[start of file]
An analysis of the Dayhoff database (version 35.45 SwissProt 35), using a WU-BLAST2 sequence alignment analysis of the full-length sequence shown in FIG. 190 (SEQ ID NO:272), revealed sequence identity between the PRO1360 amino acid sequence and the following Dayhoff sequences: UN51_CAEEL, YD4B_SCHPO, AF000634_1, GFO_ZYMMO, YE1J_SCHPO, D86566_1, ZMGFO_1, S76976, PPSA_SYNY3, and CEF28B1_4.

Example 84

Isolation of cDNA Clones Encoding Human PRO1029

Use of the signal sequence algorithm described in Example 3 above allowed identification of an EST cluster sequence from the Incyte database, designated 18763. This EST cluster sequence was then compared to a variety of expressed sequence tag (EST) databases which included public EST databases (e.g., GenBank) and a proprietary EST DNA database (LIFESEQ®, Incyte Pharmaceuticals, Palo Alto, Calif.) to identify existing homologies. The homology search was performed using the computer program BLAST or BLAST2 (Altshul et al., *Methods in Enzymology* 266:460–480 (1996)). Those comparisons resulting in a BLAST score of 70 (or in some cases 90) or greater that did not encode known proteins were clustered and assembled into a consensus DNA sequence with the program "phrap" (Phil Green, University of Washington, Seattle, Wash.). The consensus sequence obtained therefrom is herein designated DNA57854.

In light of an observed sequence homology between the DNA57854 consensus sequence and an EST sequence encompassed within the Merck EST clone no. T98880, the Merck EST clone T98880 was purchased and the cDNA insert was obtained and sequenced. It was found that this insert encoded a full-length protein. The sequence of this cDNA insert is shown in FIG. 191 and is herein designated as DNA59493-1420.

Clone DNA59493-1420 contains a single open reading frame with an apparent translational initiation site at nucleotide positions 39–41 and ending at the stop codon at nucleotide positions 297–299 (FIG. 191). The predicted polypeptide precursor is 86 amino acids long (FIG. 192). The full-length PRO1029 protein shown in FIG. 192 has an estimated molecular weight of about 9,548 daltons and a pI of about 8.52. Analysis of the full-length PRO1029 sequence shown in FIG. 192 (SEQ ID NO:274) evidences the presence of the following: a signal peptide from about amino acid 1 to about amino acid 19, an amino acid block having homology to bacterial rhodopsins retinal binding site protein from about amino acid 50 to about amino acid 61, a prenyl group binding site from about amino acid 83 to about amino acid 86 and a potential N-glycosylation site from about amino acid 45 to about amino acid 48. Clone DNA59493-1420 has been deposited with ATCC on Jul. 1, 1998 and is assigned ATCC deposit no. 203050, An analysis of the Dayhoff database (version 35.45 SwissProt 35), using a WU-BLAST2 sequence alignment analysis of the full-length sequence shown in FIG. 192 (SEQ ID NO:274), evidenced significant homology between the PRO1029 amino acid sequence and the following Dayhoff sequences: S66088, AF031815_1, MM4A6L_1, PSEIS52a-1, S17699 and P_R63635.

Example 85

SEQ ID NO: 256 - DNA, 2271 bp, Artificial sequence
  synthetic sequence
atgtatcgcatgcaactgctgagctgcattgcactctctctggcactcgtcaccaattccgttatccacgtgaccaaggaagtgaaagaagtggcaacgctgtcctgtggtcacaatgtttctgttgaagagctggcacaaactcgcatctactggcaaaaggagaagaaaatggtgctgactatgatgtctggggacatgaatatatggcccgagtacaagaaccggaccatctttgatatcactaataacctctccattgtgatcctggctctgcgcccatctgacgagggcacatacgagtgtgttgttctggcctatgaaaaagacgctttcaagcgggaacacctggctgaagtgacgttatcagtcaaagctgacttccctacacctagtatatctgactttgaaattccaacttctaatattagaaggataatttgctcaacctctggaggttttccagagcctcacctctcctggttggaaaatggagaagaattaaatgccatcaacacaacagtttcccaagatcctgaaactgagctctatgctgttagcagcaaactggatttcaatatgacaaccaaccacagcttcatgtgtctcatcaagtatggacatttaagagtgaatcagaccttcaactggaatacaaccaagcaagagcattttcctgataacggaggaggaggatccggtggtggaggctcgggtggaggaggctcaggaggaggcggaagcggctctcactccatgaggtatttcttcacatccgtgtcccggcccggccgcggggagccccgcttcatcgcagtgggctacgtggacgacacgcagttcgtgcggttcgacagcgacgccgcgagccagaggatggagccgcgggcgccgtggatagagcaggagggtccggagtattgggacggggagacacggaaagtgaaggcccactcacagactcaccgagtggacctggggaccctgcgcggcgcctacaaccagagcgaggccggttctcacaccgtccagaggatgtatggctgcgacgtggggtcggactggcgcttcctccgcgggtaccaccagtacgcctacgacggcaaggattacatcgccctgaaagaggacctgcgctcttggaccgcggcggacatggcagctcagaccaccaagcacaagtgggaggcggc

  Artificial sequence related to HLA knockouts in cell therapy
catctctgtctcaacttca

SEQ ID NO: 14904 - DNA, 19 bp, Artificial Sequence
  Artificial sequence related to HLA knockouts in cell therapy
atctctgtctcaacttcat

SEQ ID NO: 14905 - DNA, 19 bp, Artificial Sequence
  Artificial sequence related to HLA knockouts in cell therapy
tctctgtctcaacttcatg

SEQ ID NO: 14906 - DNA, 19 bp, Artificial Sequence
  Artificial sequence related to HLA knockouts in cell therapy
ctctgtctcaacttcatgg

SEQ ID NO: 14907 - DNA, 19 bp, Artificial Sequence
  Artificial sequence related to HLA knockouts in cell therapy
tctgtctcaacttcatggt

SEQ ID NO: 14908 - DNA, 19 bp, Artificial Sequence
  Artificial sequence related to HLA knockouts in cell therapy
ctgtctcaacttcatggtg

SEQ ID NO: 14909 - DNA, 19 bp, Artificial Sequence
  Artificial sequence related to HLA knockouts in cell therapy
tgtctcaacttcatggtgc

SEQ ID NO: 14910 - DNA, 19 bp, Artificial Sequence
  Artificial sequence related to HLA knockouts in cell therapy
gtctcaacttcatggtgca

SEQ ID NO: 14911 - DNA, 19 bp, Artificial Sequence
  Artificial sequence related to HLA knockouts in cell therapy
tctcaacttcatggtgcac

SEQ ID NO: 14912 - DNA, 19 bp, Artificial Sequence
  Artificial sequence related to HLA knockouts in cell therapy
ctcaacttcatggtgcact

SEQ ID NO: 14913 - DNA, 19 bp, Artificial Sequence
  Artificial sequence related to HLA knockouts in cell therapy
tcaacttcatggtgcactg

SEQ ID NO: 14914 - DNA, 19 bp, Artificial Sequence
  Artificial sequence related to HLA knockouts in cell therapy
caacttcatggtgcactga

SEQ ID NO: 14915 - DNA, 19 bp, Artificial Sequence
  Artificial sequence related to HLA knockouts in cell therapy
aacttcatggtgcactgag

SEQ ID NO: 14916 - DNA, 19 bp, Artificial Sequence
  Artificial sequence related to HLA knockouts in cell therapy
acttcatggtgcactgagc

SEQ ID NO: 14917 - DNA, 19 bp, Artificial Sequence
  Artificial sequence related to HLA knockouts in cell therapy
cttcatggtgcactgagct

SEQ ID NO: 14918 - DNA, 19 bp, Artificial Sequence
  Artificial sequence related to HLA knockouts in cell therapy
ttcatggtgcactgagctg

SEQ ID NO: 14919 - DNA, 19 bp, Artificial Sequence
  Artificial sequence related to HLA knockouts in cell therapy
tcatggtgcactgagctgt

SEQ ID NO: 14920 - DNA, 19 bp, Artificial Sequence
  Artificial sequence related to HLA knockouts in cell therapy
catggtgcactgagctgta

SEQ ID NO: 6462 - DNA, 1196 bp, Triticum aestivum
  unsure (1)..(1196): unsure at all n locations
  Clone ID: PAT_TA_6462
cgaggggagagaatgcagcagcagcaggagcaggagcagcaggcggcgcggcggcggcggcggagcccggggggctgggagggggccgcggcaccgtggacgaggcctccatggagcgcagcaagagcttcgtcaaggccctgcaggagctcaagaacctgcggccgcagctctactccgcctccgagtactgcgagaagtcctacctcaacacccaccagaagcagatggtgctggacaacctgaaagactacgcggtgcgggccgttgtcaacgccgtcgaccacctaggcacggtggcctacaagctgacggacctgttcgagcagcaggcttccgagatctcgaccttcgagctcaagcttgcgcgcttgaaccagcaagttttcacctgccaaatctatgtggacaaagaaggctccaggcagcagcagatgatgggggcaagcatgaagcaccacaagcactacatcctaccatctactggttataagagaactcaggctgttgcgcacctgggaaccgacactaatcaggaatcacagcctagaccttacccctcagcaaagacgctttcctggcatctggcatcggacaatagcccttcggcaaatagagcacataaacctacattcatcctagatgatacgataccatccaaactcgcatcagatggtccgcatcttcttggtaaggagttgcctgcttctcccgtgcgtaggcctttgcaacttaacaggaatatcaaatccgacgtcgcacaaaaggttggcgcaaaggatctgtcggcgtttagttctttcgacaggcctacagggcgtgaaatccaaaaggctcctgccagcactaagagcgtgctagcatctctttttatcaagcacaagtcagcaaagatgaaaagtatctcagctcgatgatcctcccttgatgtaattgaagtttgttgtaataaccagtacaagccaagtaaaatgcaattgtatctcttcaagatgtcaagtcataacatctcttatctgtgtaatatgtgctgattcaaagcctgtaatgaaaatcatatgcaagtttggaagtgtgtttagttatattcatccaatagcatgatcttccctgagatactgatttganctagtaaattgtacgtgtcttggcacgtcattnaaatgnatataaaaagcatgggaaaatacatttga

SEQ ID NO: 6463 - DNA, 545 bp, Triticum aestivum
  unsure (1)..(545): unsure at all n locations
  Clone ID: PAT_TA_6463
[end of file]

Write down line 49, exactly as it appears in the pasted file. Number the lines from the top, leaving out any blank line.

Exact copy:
SEQ ID NO: 14916 - DNA, 19 bp, Artificial Sequence